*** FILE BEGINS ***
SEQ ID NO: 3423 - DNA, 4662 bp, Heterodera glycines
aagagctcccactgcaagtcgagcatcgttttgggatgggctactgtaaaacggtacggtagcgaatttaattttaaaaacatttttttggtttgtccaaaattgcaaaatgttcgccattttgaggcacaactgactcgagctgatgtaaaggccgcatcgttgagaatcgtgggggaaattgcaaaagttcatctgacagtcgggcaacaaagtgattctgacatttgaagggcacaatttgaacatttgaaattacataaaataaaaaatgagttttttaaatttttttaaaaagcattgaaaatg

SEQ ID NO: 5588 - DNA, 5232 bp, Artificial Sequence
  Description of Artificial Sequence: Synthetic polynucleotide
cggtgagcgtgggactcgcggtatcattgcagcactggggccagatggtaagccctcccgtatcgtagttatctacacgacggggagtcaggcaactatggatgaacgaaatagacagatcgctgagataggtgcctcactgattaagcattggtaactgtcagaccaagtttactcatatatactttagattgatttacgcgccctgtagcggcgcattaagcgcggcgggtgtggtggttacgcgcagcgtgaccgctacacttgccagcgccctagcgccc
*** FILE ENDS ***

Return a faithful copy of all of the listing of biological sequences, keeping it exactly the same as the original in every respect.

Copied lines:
SEQ ID NO: 3423 - DNA, 4662 bp, Heterodera glycines
aagagctcccactgcaagtcgagcatcgttttgggatgggctactgtaaaacggtacggtagcgaatttaattttaaaaacatttttttggtttgtccaaaattgcaaaatgttcgccattttgaggcacaactgactcgagctgatgtaaaggccgcatcgttgagaatcgtgggggaaattgcaaaagttcatctgacagtcgggcaacaaagtgattctgacatttgaagggcacaatttgaacatttgaaattacataaaataaaaaatgagttttttaaatttttttaaaaagcattgaaaatg

SEQ ID NO: 5588 - DNA, 5232 bp, Artificial Sequence
  Description of Artificial Sequence: Synthetic polynucleotide
cggtgagcgtgggactcgcggtatcattgcagcactggggccagatggtaagccctcccgtatcgtagttatctacacgacggggagtcaggcaactatggatgaacgaaatagacagatcgctgagataggtgcctcactgattaagcattggtaactgtcagaccaagtttactcatatatactttagattgatttacgcgccctgtagcggcgcattaagcgcggcgggtgtggtggttacgcgcagcgtgaccgctacacttgccagcgccctagcgccc